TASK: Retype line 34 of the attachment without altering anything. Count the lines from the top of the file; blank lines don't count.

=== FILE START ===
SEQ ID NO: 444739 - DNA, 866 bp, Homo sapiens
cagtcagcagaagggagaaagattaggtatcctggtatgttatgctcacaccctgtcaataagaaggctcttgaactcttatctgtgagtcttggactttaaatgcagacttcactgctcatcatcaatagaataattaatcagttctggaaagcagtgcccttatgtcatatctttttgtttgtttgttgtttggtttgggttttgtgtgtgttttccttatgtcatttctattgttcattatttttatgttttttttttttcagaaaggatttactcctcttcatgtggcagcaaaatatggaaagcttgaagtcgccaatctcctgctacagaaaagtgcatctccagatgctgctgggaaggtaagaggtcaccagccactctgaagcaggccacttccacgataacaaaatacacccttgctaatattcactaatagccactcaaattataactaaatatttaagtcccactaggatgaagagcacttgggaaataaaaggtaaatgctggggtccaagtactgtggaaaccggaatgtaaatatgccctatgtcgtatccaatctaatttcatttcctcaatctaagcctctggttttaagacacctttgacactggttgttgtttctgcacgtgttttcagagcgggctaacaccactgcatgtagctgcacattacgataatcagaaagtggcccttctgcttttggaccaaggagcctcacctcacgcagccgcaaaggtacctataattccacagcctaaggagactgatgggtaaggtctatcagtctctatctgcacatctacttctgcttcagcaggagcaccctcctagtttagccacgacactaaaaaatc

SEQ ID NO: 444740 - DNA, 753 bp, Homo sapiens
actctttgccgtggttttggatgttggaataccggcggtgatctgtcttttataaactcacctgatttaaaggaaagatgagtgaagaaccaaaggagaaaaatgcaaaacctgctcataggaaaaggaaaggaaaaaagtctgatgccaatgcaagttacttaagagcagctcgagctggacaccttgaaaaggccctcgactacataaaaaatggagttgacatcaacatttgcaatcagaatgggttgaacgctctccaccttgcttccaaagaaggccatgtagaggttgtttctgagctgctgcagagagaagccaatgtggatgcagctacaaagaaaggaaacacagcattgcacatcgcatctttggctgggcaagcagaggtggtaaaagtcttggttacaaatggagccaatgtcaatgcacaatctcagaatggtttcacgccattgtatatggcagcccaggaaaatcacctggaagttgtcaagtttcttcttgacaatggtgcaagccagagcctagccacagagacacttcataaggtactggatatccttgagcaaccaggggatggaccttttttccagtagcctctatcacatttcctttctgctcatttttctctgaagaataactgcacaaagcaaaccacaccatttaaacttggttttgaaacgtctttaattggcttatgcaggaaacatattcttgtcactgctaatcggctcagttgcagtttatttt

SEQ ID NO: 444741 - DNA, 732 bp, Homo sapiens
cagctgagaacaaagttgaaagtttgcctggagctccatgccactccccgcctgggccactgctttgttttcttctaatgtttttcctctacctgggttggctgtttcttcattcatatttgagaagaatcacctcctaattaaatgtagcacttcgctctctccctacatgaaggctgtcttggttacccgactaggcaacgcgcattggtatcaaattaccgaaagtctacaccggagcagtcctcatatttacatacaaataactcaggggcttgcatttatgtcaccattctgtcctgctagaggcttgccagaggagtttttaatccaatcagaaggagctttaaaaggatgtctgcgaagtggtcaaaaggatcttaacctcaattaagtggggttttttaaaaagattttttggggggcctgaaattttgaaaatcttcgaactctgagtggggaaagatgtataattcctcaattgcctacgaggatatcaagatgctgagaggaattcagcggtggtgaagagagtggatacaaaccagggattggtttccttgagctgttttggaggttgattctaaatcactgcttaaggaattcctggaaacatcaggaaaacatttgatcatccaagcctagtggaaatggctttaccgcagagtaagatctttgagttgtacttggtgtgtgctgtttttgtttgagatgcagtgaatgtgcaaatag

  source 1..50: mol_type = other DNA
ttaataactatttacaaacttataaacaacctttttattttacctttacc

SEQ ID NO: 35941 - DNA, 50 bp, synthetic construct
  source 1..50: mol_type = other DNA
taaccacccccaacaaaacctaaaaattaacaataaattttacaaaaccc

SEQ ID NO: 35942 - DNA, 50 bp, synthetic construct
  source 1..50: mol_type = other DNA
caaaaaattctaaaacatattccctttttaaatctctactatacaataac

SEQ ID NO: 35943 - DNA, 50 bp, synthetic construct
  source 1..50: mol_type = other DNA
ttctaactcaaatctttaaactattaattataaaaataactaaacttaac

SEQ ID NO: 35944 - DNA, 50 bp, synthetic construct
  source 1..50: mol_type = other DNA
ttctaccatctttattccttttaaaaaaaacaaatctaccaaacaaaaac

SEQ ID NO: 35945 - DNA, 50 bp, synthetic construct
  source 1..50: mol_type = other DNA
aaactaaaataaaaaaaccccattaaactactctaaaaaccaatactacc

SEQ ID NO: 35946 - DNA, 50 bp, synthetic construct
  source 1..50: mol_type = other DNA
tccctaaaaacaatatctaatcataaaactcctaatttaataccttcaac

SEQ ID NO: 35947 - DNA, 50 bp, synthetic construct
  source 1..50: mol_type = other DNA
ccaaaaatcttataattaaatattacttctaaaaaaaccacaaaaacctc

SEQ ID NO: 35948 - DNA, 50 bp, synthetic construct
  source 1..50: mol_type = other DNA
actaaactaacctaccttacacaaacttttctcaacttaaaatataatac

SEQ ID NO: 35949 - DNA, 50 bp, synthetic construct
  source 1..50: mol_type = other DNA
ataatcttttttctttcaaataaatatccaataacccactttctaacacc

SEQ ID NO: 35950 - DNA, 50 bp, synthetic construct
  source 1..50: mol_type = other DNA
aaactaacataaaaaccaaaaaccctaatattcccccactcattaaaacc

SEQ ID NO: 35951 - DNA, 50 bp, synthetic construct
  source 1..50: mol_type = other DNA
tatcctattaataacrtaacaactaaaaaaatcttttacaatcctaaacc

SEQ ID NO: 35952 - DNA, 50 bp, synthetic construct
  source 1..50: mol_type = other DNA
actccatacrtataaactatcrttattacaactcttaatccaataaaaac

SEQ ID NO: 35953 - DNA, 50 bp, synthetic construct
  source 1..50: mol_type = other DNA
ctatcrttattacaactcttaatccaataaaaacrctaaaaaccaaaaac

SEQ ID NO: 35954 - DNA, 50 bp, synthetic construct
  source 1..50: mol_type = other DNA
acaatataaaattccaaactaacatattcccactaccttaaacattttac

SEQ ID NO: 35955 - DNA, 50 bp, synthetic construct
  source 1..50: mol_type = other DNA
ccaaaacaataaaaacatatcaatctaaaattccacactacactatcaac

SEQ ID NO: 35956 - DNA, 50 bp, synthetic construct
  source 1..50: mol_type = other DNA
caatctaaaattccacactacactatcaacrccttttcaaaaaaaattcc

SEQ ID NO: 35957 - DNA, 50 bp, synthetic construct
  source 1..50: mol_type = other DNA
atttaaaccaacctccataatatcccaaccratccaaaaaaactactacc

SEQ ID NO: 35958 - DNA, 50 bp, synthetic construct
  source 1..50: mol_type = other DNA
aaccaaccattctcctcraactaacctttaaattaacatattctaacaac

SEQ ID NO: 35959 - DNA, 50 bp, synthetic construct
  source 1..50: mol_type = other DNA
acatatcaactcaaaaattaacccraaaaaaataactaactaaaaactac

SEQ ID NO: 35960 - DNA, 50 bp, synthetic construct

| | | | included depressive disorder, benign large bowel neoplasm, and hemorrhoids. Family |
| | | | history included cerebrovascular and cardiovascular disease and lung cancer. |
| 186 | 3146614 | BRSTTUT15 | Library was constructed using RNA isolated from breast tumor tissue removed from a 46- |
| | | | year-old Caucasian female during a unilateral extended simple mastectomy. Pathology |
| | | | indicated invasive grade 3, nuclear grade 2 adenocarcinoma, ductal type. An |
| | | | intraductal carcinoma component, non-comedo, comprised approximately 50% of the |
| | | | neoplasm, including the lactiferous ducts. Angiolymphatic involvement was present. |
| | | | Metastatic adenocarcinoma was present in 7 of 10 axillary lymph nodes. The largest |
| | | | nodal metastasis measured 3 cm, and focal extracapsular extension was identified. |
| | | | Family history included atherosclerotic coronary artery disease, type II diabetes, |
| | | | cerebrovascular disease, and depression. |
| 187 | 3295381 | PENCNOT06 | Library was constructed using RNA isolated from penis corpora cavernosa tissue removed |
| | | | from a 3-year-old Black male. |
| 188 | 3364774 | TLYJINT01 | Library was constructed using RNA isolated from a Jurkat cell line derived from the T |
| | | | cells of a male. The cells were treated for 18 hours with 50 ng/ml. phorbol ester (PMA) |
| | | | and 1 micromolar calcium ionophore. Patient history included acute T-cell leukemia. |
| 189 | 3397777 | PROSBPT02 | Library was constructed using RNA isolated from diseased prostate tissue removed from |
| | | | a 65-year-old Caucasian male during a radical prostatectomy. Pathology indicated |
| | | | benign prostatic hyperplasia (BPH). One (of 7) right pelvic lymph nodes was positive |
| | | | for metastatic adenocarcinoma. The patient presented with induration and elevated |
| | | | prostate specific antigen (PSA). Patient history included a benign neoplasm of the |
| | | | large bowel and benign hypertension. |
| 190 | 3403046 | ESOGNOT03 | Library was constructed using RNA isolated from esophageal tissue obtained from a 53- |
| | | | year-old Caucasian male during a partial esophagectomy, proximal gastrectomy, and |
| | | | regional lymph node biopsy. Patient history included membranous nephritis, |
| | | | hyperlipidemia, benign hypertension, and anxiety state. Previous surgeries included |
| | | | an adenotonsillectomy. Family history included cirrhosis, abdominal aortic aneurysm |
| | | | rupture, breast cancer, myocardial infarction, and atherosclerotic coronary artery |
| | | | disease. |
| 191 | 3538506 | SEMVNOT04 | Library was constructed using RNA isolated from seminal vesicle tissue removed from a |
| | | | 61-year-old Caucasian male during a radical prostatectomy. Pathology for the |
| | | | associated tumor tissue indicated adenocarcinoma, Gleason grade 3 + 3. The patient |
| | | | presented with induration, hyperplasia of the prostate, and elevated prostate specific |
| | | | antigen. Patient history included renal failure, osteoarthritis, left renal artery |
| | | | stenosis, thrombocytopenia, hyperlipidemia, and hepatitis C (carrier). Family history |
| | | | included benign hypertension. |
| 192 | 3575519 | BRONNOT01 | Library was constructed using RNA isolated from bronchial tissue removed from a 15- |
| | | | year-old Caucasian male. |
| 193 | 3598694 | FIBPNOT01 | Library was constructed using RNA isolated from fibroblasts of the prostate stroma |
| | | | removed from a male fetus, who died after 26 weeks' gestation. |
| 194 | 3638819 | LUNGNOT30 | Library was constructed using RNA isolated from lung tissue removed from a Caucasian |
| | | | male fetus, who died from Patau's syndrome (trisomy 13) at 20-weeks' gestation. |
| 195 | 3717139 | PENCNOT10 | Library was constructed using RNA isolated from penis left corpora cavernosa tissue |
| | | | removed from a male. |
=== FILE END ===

  source 1..50: mol_type = other DNA